I love when an idea pops into my head, but if I'm in a middle of a book it sucks. Because I can only concentrate on my book at a time. I have tried writing several stories and they're sitting on my computer waiting....ReplyDelete
I really can't remember my first ever idea... I think i've already had story ideas in my head:) But generally, ideas pop in my head everywhere... usually when I see something out of the ordinary. A strange behaving person, watching a movie, someone says something... and then my head starts forming a story around it:) So I have lots of scribbled notes with potential ideas:)ReplyDelete
I love this post - it's so true. I think the reason I never managed to finish a book before this year is because I kept getting side-tracked by new ideas. I still got new ideas while writing my book, but I learnt the hard way to ignore them. Now I'll generally scribble it down while it's fresh in my mind, but then I won't look at it again until I'm taking a break from my current WIP, or I'll set aside some designated time to work on it. It's been a huge learning curve, but at least I know that I'll have a bank of ideas to choose from when I do finally finish my current series ;)ReplyDelete
Haha. This post couldn't have summed up the writer's problem of having too many ideas to choose from. I think very few writers face this struggle. I am not one of those lucky few, but I've learned to control myself.ReplyDelete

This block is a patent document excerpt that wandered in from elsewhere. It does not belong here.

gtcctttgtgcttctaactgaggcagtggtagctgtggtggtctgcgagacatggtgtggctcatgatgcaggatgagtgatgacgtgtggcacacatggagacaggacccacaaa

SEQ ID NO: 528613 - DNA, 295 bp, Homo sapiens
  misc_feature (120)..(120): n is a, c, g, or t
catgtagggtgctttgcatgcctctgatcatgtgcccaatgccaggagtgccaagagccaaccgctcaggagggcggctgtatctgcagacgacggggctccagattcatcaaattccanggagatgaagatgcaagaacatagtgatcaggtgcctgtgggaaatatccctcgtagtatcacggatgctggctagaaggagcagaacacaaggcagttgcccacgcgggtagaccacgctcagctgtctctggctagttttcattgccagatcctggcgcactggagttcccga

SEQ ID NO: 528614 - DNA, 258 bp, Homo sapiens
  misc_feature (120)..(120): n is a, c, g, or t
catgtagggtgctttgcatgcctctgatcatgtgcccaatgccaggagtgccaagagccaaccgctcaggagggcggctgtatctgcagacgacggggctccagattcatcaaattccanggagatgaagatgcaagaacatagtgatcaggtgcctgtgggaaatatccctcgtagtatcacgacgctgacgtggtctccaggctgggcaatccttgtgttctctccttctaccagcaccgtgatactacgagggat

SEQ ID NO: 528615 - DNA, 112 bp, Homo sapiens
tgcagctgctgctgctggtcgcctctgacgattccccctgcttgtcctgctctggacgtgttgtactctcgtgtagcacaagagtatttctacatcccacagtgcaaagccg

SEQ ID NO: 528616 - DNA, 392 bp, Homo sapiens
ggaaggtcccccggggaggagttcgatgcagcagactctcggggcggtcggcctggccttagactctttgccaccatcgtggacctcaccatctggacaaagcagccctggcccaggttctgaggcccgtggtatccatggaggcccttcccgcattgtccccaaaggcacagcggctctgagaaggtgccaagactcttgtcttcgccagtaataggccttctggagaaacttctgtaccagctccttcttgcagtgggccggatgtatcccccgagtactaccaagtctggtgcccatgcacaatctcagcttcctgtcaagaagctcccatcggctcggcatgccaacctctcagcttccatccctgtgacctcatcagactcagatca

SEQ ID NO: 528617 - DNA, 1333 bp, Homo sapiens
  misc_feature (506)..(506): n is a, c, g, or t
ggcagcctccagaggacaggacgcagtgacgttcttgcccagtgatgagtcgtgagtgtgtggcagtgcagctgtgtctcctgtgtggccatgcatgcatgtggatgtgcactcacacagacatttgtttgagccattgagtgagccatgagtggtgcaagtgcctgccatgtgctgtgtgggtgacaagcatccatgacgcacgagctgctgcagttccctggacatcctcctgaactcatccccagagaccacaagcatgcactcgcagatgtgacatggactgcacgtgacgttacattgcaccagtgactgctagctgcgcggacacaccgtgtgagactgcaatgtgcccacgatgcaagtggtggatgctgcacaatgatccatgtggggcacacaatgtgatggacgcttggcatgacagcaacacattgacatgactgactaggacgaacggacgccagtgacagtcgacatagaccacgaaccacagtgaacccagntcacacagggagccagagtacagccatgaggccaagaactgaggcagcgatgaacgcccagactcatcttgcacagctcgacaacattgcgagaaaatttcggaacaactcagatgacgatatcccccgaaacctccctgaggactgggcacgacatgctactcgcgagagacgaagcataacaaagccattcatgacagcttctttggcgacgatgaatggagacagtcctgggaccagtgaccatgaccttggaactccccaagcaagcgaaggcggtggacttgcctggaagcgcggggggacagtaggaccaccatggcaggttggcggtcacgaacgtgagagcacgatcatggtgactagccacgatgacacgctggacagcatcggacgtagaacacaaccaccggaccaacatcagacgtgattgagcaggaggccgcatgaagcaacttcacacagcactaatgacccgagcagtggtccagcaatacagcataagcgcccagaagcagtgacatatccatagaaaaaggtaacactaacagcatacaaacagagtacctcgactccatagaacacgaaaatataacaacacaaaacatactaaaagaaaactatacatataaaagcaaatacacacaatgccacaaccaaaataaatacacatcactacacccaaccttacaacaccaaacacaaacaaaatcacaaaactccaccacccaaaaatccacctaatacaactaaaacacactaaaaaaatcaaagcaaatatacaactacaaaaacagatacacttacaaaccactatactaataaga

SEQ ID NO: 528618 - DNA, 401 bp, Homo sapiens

I believe author Rachel Hawkins called them "sl*tty new ideas" (censoring myself there), and it's the truth. They'll seduce you away from your current WIP, so watch out!
I've learned better by getting through that first book. And it's just like you wrote here, Misha, I'd advise any new writers to finish that first novel and THEN see how you feel the next time a new idea struts up to you and tries to take you for a ride. ;)
Hahahaha that happens to me too, Carole.ReplyDelete
Very true, Geoff. Thanks for stopping by!
Sarah, that can be confusing.
You're lucky, Sara.
Lucky you, Julie. :-)
Definitely is, Alex.
Christine, that's how I work too.
Hahaha Bish, that's an awesome quote.
Dee, I agree.
Lee, I know that feeling.
That in itself can become a vexing problem, Nick.
Thanks for stopping by, Stepheny!
Cathrina, timing of an idea is everything, isn't it?
Tania, I do that too.
Good approach, Rachel. :-)
Hahahaha Hanna, that's a very apt definition for a SNI.